Burnt Stator/ Stator Testing - Page 3 - Kawasaki Versys Forum
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post #41 of 310 (permalink) Old 12-01-2011, 10:48 PM
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Quote:
Originally Posted by swimmer View Post
invader, thanks for all the info you are sharing. Is anyone using the compu-fire R/R?

The versys/650R have a pretty strong record for reliability but i guess this is good preventative maintenance for those of us that travel in remote areas.
You mean on a Versys? Not that I know of yet... olegeezer and I may be the first ones, unless someone else beats me to it by April when our season starts.

Versys/ER6/650R do have a great reliability record. Stators continuously operating at maximum load and output through the standard shunt R/R are common throughout the motorcycle industry... Compu-Fire's series R/R reduces much strain and heat from stator (which is known to cook itself out over time), improving its dependability and life expectancy. The engine benefits as well from less power used to generate required electrical power only, and from a cooler operating temperature which can be a concern when riding in very hot environments.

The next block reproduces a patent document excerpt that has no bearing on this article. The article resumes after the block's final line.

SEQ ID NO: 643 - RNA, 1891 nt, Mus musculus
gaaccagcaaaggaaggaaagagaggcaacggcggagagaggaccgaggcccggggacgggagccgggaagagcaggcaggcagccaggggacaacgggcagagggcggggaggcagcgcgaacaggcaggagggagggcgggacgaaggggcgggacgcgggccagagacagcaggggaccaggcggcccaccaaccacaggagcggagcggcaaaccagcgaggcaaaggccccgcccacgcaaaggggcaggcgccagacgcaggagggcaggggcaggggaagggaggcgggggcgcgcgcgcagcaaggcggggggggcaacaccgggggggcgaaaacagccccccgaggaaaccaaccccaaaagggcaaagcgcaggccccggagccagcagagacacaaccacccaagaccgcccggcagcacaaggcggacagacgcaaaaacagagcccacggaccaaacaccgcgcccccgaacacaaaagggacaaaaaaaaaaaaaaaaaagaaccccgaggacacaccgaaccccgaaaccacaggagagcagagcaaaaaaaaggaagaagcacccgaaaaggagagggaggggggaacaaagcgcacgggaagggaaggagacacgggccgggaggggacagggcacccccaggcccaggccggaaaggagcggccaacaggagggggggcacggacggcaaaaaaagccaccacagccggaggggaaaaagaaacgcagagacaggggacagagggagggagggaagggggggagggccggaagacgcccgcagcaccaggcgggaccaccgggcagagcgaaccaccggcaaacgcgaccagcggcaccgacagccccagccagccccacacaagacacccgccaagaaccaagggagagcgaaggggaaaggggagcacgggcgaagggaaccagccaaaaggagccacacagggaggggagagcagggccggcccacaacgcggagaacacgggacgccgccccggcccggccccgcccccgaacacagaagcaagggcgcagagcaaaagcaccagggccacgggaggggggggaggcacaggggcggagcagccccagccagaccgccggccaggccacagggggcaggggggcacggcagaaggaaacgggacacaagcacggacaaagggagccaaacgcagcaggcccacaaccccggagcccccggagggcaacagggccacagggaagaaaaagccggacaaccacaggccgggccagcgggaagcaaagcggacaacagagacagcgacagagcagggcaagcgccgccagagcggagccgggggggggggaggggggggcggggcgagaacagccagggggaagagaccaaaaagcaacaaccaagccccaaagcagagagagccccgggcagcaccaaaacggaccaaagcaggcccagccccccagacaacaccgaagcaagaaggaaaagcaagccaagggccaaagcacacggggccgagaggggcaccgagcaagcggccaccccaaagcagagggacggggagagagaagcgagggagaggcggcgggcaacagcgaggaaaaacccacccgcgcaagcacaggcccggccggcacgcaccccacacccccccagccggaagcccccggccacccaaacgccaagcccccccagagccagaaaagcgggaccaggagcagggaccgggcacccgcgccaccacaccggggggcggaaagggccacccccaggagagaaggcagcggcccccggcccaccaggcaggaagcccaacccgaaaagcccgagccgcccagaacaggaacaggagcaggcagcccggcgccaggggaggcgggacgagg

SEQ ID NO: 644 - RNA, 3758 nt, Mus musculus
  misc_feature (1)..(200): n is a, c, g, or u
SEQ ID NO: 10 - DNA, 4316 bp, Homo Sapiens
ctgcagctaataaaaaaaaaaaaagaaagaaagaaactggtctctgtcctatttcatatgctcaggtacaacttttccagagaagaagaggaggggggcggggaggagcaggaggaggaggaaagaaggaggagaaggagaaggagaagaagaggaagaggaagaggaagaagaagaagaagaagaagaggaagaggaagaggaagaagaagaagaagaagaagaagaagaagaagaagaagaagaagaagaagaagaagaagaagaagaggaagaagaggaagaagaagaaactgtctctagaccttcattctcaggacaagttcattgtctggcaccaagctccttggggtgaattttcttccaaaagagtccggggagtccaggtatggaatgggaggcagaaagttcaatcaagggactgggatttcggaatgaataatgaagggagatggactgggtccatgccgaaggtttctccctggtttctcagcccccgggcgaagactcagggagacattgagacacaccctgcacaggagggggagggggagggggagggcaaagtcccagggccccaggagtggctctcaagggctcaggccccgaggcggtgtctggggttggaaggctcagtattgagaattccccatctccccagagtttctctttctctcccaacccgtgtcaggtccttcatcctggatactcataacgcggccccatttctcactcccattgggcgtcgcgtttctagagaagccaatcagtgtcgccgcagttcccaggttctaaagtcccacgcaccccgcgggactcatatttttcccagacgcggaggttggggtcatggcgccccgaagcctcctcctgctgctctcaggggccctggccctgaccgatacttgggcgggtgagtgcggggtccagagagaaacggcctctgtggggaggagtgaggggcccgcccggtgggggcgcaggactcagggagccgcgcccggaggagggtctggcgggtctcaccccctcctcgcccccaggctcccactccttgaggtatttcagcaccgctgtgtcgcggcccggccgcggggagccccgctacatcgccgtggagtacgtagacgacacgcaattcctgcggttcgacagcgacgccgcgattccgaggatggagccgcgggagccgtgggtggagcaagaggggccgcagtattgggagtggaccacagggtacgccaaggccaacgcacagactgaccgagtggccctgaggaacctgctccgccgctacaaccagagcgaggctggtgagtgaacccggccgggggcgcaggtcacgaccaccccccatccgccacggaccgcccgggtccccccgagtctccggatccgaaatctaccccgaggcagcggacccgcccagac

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post #42 of 310 (permalink) Old 12-04-2011, 08:05 PM
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You mean on a Versys? Not that I know of yet... olegeezer and I may be the first ones, unless someone else beats me to it by April when our season starts.

Versys/ER6/650R do have a great reliability record. Stators continuously operating at maximum load and output through the standard shunt R/R are common throughout the motorcycle industry... Compu-Fire's series R/R reduces much strain and heat from stator (which is known to cook itself out over time), improving its dependability and life expectancy. The engine benefits as well from less power used to generate required electrical power only, and from a cooler operating temperature which can be a concern when riding in very hot environments.